The past two years presented many small-business owners with unprecedented challenges. This year’s tax planning preparations include necessary measures for small-business owners to satisfy existing, new and modified tax laws that may help small-business owners manage 2021 tax liabilities.
Taking the time to learn about the 2020 pandemic tax changes may make a difference. Some laws have extensions into 2021 for eligible tax credits and deductions. Here is a tax planning list for small-business owners preparing for year-end tax filings. Incorporating these tips into monthly, quarterly, and annual tax planning routines may prevent errors, could help you avoid delays and may help to manage stress levels for small-business owners.
Early tax planning may help integrate monitoring and reporting practices that authenticate small business year-end tax liability. Small businesses that qualified for one of the federal assistance programs must ensure that the information complied is accurate to take advantage of the tax credits.
Reconcile All Business, Credit, and Bank Accounts
Following the end of each month, these reports should support the final tax reports and the entity’s financial statements. Start by cross-referencing and reviewing expense classifications. Deductible expenses may be forgotten or incorrectly classified.
The process gives an overview of an entity’s taxes and financial condition — valuable information for possibly making good business decisions.
Payroll Tax, Credits, and Deductions
Payroll data reports sent to federal, state, and local agencies need to be verified and accurate. Submissions include withholding information for each employee used for computing a company’s tax obligations. Depending on the state of residence, states have specific payroll form numbers, filing frequency and due dates. Be sure to check the submission dates to remain compliant. Late or inaccurate reporting may come with penalties.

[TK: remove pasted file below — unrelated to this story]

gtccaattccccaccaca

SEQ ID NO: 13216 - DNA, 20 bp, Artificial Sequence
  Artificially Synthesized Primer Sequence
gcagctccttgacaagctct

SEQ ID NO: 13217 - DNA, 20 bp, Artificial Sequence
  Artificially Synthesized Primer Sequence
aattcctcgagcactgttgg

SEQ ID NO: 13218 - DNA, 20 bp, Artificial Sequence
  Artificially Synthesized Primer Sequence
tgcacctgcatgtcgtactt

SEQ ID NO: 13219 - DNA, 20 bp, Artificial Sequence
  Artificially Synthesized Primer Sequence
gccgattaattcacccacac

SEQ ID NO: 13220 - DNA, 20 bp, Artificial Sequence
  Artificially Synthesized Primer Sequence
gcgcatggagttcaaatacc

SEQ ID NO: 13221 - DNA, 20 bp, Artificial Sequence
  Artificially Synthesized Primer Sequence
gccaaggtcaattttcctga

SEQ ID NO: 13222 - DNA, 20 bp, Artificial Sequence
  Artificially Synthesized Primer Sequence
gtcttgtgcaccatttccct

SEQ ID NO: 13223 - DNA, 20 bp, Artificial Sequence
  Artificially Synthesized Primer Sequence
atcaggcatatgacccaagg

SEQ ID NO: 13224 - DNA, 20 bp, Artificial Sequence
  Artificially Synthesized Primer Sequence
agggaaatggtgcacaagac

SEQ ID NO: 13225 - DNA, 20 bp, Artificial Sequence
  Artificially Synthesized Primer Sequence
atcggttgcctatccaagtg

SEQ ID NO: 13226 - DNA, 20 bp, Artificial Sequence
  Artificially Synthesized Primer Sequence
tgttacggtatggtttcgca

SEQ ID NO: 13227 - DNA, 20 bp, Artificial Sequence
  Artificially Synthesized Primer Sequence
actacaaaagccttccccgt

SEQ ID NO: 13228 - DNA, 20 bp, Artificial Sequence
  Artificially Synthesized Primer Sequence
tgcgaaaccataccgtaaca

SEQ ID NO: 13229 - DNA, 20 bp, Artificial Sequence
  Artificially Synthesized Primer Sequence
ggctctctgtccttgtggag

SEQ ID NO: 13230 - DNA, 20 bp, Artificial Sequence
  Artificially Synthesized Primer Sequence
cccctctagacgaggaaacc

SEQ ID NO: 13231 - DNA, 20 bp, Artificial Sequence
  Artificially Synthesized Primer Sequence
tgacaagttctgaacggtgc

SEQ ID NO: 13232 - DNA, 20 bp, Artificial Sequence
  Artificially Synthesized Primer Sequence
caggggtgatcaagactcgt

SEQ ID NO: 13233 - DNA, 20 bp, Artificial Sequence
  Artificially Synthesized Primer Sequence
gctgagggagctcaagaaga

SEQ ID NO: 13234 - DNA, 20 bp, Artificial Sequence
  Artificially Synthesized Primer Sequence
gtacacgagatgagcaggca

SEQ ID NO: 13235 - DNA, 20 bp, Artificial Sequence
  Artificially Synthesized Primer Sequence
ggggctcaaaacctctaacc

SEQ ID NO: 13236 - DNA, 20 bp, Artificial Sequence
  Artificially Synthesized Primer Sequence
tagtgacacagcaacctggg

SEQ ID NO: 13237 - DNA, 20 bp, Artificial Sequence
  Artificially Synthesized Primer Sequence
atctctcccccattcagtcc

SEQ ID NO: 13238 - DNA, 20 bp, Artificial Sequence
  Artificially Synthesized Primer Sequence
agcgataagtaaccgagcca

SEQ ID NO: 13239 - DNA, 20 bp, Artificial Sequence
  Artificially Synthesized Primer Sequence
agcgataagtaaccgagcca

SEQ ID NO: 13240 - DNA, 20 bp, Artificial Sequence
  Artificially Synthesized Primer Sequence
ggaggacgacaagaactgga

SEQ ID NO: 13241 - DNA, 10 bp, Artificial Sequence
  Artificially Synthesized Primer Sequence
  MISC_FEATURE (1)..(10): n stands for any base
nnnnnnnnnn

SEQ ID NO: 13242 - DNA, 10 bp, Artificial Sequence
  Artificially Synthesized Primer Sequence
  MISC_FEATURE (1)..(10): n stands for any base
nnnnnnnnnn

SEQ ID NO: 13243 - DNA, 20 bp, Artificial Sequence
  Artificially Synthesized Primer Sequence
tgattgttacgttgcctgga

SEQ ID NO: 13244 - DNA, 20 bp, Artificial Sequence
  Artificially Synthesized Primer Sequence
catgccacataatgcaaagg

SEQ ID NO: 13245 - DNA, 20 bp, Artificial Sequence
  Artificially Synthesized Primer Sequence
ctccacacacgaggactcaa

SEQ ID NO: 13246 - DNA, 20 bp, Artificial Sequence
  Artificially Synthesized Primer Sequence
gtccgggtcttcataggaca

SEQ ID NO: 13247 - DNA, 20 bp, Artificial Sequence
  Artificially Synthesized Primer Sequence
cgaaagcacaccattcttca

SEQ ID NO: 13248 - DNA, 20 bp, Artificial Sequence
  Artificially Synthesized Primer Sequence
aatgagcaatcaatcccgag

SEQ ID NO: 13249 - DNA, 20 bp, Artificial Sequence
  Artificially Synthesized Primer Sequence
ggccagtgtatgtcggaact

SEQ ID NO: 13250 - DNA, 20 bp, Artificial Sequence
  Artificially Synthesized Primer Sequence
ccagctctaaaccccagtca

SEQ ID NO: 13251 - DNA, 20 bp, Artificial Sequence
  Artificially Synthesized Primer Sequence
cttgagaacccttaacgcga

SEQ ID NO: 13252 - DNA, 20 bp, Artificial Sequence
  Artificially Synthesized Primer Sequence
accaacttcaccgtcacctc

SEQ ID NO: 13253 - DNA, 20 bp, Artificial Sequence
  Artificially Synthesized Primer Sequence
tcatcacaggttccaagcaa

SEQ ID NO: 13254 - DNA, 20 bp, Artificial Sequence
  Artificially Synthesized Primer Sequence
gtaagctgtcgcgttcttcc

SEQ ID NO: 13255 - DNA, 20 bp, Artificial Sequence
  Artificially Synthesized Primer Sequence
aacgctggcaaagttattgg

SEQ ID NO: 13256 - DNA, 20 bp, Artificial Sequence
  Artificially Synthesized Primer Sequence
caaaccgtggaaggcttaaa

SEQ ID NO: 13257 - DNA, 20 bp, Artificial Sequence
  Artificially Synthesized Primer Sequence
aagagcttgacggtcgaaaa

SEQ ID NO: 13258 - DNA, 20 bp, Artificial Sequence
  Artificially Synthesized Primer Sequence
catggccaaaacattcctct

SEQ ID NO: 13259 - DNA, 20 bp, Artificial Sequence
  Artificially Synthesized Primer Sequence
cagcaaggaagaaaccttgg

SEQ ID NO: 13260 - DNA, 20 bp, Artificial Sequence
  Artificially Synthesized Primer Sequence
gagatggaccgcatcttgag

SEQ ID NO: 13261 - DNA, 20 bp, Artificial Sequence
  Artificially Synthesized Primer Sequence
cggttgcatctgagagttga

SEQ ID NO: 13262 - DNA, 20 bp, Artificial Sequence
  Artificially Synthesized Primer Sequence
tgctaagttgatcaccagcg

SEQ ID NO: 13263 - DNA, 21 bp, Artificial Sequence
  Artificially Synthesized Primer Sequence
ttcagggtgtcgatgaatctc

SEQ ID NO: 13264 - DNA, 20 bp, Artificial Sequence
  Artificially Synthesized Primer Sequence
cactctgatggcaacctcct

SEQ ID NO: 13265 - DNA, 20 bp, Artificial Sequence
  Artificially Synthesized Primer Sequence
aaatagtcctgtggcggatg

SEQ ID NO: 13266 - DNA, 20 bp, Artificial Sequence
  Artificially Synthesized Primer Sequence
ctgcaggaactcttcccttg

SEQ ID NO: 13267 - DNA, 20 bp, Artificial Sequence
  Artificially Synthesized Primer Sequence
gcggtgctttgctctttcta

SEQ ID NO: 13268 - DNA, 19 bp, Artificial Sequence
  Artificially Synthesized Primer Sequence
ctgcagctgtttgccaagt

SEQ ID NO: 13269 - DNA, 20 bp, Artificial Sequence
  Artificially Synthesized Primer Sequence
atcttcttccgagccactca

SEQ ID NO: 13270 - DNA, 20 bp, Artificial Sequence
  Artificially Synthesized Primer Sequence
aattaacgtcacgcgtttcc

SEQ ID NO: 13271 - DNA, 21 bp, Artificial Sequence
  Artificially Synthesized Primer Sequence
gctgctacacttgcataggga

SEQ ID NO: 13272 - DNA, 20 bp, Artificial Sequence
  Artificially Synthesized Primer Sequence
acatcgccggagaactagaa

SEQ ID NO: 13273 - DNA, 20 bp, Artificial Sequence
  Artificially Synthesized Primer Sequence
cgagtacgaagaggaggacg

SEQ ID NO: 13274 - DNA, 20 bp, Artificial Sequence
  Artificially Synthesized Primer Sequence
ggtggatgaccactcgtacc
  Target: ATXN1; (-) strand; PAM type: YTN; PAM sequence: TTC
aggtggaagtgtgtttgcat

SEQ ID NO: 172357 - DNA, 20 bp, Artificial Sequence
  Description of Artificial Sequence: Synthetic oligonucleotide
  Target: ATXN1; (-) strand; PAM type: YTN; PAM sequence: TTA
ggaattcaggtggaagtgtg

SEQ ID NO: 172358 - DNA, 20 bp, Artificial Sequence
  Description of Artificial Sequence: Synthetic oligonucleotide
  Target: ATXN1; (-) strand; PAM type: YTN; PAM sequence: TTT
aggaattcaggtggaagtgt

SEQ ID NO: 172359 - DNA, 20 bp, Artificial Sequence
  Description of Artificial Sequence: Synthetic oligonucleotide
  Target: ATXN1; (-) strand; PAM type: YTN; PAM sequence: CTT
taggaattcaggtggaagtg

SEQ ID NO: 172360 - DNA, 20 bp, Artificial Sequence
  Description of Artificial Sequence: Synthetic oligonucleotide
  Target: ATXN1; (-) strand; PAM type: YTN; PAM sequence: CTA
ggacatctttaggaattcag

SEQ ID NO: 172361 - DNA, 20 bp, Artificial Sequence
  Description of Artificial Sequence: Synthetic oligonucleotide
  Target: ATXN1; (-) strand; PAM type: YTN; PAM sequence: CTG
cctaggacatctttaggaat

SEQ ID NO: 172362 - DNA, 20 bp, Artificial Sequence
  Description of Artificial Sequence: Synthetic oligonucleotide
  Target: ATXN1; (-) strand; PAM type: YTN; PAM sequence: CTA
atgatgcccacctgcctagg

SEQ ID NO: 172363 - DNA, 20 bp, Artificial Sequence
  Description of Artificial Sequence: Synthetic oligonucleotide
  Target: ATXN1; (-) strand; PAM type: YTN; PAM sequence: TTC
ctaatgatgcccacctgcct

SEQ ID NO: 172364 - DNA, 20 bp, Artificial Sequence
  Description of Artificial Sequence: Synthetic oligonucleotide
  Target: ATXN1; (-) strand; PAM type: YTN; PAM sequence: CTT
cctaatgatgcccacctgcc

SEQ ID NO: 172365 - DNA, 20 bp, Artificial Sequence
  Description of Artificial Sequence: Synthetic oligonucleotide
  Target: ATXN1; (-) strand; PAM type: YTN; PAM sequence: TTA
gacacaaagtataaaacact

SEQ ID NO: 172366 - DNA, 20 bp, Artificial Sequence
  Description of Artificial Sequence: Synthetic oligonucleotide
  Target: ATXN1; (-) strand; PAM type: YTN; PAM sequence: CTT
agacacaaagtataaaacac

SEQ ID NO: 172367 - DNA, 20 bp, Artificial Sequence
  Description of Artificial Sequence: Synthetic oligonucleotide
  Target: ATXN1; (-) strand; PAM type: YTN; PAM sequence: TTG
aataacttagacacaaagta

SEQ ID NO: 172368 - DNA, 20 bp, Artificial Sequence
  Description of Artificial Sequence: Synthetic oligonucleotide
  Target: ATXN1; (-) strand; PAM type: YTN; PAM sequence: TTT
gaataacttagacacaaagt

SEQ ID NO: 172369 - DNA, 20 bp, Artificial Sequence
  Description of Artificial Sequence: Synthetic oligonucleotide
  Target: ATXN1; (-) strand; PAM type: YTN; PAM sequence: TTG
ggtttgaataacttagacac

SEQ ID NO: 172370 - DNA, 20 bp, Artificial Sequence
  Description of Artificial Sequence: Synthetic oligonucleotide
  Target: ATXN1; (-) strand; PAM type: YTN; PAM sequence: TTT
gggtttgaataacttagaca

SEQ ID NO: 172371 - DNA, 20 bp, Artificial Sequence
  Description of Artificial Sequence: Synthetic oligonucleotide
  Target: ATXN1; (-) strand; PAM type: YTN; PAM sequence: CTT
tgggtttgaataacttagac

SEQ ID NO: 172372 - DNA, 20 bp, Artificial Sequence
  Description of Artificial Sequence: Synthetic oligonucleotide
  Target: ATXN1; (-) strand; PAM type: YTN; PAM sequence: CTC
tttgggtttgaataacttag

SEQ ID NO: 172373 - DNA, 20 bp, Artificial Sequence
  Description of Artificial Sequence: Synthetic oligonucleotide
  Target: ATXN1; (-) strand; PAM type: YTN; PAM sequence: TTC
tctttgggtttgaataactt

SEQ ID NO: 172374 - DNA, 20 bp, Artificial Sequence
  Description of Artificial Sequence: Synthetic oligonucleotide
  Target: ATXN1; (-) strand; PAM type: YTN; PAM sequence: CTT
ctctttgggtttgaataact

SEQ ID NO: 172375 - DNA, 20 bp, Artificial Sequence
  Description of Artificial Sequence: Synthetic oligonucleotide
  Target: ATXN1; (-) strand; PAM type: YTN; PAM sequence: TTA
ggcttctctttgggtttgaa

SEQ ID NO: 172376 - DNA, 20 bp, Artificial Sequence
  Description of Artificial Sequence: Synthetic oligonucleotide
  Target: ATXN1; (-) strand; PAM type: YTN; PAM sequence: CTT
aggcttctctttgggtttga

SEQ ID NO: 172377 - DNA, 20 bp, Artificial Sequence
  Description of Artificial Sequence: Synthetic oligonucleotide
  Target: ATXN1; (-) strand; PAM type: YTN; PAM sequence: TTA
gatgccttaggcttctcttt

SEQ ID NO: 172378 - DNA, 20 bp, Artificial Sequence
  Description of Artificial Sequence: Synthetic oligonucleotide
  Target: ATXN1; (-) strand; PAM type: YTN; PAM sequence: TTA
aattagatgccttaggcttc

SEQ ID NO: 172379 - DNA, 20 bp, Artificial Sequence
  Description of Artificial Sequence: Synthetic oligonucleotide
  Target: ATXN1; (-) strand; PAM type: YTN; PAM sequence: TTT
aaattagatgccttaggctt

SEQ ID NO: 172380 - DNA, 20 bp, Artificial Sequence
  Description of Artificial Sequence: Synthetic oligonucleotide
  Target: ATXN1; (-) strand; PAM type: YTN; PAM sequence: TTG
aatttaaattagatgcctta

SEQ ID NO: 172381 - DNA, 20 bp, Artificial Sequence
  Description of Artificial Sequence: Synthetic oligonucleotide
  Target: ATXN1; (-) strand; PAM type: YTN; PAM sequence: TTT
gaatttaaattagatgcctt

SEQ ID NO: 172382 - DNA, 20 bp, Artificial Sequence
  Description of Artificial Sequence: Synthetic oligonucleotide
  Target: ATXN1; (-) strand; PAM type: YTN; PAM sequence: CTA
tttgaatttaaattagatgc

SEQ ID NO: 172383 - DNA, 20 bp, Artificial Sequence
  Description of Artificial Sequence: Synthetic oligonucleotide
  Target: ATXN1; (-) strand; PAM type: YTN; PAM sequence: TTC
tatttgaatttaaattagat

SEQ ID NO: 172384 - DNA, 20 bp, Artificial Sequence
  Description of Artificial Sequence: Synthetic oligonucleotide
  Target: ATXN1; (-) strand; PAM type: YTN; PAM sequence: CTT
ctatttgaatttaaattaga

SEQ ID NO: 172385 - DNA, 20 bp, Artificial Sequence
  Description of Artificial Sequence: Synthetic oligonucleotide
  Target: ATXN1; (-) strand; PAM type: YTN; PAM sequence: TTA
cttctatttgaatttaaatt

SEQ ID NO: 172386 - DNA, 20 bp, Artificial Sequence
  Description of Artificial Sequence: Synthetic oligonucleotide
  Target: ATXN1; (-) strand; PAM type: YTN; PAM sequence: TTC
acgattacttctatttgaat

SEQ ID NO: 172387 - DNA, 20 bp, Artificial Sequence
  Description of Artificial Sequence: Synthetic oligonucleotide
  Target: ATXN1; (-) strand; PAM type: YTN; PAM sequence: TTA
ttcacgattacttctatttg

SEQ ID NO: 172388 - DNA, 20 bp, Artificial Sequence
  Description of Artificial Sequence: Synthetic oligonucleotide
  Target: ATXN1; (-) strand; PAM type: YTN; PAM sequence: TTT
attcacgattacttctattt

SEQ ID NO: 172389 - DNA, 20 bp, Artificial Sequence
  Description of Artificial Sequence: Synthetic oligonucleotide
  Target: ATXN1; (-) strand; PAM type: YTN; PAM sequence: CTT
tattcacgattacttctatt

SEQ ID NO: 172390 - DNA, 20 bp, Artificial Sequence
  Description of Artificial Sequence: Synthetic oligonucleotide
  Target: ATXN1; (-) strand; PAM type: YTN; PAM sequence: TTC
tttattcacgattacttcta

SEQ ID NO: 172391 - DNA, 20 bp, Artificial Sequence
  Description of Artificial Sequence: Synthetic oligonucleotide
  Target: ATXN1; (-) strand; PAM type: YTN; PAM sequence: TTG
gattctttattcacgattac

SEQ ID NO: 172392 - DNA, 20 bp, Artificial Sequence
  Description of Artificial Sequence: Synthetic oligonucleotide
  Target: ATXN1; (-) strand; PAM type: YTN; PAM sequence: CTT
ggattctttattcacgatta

IRS submission schedules are quarterly. Small businesses must report income, Social Security, wages and workers’ compensation, unemployment and Medicare taxes.
In 2020, Form W-4 changes were enforced for new and current employees withholding revisions. 2020 also brought changes for non-employee compensation requiring FORM 1099-NEC to report paid services of $600 or more. Not to be confused with the Form 1099-MISC that reports other paid income.
2021 Pandemic Tax Credits
The Taxpayer Certainty and Disaster Tax Relief Act, enacted December 7, 2020, changed employee retention tax credits for small-business owners. Under the Coronavirus Aid, Relief and Economic Security Act, the Employee Retention Credit extended benefits into the first two quarters of 2021.
Eligible employers should have received the allowable tax credits on payroll liabilities for the first two quarters of 2021 as a refundable tax credit against the employer’s share of Social Security payments equal to “70% of the qualified wages they paid to employees after Dec. 31 2020, through June 30 2021.” The Internal Revenue Service says, “qualified wages are limited to $10,000 per employee per calendar quarter in 2021. Thus, the maximum ERC amount available is $7,000 per employee per calendar quarter, for a total of $14,000 in 2021.”
A second tax credit program for eligible employers is the American Rescue Plan Act, enacted in March 2021 for ERC wages paid during the third and fourth quarters of 2021. ARPA guidelines are available from the Department of the Treasury and the IRS.
The opinions voiced in this material are for general information only and are not intended to provide specific advice or recommendations for any individual.
This information is not intended to be a substitute for specific individualized tax advice. We suggest that you discuss your specific tax issues with a qualified tax advisor.
All information is believed to be from reliable sources; however LPL Financial makes no representation as to its completeness or accuracy.
LPL Tracking # 1-05188522
Depositing and Reporting Employment Taxes | Internal Revenue Service (irs.gov)
New law extends COVID tax credit for employers who keep workers on payroll | Internal Revenue Service (irs.gov)
IRS provides guidance for employers claiming the Employee Retention Credit for first two quarters of 2021 | Internal Revenue Service
Treasury, IRS provide additional guidance to employers claiming the employee retention credit, including for the third and fourth quarters of 2021 | Internal Revenue Service